No, black people are not the same

Tommy Hawkins explains how not all Black culture is the same. Hawkins is appalled that people still group all Black people into the same category. Hawkins gives some examples from his experience and writes that it is up to all cultures of Blacks to correct people when they make this mistake of “being black”.

I have definitely seen this idea throughout the media. Black people in the United States are either grouped into African-American or African. Even though there are so many different cultures of Black that do not fit in these two categories i.e. Haitian, Jamaican, or Afro-Latino. Even within these different cultures people are not all the same they come from different socio-economic backgrounds, different cities, share different experiences etc. Making everybody with Black skin the same needs to be stopped. Everyone, has their own unique ideas, perspectives, and cultures. Some, cultures may overlap or be similar, but saying one culture is the exact same is not correct.

Why Black Fraternities Hurt Black Culture: Opinion

Ali D. Chambers wrote an opinion piece on why Greek culture is detrimental to the  Black community. The argument proposed is that Black fraternities and sororities were established to assimilate into White culture. This is because White is seen as the best and what African Americans should strive for. So, therefore these fraternities and sororities were made in the already established images of White Greek organizations so that African Americans could be accepted and considered equal. This argument is similar to Langhston Hughes “Racial Mountain”. Chambers also writes that the organizations are filled with elitism and colorism, through “secret meetings” and “exclusivity”.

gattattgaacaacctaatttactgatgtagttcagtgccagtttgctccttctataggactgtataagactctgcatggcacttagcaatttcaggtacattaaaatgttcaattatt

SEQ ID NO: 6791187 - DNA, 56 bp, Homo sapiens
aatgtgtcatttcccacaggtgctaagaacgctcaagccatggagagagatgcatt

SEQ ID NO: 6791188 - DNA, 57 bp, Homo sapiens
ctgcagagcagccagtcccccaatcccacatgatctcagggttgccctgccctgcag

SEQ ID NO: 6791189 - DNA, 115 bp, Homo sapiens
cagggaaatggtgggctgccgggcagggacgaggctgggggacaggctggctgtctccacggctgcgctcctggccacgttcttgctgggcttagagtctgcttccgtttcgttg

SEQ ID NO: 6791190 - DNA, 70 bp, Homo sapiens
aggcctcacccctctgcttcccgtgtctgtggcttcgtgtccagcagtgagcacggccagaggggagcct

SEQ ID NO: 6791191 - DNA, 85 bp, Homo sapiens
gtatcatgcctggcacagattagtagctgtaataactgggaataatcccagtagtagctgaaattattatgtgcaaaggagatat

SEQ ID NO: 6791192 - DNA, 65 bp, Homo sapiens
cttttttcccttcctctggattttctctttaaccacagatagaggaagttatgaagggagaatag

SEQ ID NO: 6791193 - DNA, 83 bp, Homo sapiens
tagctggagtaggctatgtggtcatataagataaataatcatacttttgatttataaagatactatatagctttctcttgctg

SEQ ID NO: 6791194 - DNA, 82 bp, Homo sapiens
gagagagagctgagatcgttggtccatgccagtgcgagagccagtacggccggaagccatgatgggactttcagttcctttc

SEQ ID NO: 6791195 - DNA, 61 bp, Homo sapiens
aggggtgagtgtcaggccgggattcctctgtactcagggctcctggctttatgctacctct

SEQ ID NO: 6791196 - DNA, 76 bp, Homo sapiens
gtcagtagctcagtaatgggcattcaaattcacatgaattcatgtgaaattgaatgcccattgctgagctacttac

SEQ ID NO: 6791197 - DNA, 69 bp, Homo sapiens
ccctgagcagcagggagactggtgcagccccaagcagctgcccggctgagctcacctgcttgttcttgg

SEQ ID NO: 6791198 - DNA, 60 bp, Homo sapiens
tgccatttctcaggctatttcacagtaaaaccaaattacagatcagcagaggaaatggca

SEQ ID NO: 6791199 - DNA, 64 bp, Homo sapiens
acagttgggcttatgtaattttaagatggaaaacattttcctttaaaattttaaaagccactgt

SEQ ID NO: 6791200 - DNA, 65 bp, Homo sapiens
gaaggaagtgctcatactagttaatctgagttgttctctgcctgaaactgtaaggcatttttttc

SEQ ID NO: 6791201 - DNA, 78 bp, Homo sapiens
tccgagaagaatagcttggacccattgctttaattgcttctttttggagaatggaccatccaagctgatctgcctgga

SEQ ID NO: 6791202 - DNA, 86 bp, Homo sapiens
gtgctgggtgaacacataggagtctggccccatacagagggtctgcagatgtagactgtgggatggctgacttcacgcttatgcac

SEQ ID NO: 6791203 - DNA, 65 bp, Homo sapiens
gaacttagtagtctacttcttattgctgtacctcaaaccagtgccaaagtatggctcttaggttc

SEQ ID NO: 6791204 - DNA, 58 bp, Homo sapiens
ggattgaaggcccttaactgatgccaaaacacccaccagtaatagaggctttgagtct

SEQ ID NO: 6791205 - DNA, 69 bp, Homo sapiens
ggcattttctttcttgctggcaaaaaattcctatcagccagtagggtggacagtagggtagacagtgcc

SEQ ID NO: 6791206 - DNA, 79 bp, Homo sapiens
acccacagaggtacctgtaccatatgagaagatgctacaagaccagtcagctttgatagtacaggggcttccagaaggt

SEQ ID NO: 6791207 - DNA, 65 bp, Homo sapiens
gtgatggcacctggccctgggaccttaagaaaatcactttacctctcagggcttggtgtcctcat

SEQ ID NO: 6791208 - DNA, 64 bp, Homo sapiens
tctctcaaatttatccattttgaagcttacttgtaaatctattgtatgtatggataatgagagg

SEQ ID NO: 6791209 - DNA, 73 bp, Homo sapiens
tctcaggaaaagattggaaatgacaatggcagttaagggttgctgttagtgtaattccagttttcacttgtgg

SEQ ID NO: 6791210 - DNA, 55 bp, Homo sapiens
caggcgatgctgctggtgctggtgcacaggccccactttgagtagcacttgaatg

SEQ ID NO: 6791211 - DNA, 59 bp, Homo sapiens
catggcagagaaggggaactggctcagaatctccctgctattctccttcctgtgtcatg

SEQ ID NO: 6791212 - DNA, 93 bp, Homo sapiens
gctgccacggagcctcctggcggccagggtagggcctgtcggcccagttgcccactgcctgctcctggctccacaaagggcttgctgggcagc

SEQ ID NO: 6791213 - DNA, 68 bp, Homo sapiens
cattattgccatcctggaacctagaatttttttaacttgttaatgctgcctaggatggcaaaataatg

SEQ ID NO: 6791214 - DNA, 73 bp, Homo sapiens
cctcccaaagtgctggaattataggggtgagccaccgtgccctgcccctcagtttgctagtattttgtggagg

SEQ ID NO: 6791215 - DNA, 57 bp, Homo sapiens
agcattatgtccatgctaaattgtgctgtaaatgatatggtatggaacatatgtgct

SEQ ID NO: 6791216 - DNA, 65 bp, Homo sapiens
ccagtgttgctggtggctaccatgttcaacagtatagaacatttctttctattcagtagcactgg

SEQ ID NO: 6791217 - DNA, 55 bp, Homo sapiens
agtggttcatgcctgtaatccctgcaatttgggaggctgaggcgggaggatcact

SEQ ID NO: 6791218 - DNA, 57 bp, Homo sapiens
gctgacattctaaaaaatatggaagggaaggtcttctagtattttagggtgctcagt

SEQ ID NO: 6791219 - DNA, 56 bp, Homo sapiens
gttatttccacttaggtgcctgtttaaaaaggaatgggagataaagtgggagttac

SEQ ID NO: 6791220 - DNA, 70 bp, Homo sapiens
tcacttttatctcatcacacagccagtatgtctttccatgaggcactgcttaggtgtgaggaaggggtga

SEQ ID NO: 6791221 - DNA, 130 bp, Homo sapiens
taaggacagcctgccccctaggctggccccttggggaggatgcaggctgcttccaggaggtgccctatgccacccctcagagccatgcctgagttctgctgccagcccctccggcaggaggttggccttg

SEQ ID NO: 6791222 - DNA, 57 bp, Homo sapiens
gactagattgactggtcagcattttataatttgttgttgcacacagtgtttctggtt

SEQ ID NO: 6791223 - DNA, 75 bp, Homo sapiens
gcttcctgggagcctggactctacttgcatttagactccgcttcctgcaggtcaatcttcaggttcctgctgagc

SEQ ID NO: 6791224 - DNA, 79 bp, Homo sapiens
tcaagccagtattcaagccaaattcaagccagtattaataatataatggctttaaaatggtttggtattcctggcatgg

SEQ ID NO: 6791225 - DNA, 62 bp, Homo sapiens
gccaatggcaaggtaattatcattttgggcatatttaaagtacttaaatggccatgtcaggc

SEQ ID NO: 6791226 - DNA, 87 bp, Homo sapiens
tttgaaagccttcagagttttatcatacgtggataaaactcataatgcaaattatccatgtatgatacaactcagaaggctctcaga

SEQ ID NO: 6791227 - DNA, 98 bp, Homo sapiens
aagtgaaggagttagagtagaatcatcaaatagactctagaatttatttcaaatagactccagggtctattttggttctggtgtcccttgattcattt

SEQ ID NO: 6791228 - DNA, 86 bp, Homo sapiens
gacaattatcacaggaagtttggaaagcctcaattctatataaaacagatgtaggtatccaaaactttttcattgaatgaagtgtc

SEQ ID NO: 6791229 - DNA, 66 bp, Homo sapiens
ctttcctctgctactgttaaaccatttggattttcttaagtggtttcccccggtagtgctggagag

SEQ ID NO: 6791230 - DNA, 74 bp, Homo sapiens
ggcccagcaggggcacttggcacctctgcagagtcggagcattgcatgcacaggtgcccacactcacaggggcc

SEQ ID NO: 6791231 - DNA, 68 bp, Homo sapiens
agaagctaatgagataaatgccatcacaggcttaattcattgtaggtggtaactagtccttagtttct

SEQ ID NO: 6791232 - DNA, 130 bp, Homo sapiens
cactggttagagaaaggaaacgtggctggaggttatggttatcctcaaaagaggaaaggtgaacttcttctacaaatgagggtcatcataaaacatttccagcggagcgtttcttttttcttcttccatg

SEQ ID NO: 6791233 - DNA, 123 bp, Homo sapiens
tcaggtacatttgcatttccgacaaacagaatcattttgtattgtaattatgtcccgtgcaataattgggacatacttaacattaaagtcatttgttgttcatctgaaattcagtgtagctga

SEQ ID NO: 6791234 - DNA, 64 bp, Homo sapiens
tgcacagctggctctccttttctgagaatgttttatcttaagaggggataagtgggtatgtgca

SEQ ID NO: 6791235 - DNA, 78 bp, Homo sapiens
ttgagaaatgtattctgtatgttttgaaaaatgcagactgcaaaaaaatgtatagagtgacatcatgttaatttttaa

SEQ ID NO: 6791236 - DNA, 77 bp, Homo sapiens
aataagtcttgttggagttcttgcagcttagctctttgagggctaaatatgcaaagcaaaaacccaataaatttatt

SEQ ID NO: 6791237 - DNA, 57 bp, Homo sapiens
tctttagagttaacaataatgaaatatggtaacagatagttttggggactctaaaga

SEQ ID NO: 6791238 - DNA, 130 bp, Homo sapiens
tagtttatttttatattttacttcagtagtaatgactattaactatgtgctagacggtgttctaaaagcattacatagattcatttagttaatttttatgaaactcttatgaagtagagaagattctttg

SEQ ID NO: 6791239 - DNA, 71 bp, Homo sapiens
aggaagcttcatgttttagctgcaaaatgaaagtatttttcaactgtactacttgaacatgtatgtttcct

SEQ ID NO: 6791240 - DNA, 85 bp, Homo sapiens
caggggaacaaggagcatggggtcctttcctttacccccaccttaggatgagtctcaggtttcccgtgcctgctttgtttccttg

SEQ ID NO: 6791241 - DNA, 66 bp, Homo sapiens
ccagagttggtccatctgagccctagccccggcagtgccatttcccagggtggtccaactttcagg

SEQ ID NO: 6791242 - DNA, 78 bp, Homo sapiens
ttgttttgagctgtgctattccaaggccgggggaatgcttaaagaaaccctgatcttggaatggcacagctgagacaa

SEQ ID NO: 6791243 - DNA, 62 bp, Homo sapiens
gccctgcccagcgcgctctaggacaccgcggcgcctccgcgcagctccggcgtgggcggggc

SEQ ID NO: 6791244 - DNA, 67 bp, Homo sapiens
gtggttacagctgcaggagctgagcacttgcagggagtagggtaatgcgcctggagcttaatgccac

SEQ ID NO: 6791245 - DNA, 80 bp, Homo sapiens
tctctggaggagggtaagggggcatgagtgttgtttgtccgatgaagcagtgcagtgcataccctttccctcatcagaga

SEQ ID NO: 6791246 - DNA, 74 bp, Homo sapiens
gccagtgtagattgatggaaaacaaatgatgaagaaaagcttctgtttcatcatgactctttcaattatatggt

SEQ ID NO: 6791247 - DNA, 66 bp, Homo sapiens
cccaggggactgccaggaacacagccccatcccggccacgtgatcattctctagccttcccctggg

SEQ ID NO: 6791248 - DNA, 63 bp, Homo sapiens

While, I do believe that Black fraternities and sororities had to assimilate, I do not believe it was because they wanted to be White. Even though these Greek organizations are structured like already established White ones before them, White fraternities and sororities were not letting in Blacks so they created their own. Even if Blacks were let into Greek life, the goals of those fraternities or sororities were not focused on bettering Black lives.  Therefore, the reasoning for creating these organizations are to help the Black community and uphold cultural traditions. For example, these organizations may do volunteer work within the Black community and also give scholarships. Stepping is also very popular and has roots established in the gumboot dances in south Africa.

However, when these organizations began there was a lot of colorism such as the brown paper bag test. Blacks the color of the paper bag or lighter  were allowed into the sororities or fraternities while those darker were not. This stems somewhat from slavery because the lighter slaves were treated better usually because they were related to the slave master. This created a tension between darker and lighter Blacks, with lighter meaning that they are better. Colorism, in the sororities and fraternities, has improved tremendously from when they first were established. I agree that colorism and elitism can still be seen today, but I do not agree with Chambers that these organizations were created to promote these elitist ideas. Rather, I think that these organizations are by-products of society.

A Lynching Memorial Forces a Reckoning for a Nation, and a Newspaper

Recently in Montgomery, Alabama; a lynching museum was created to honor victims of lynching. The Montgomery Advertiser, a newspaper in the city, wrote an article about the museum and apologized for the part previous staff members played in promoting lynching culture.

The current newspaper staff apologized for their predecessors reporting, on lynchings and saying that African Americans deserved to be lynched for crimes they were accused of.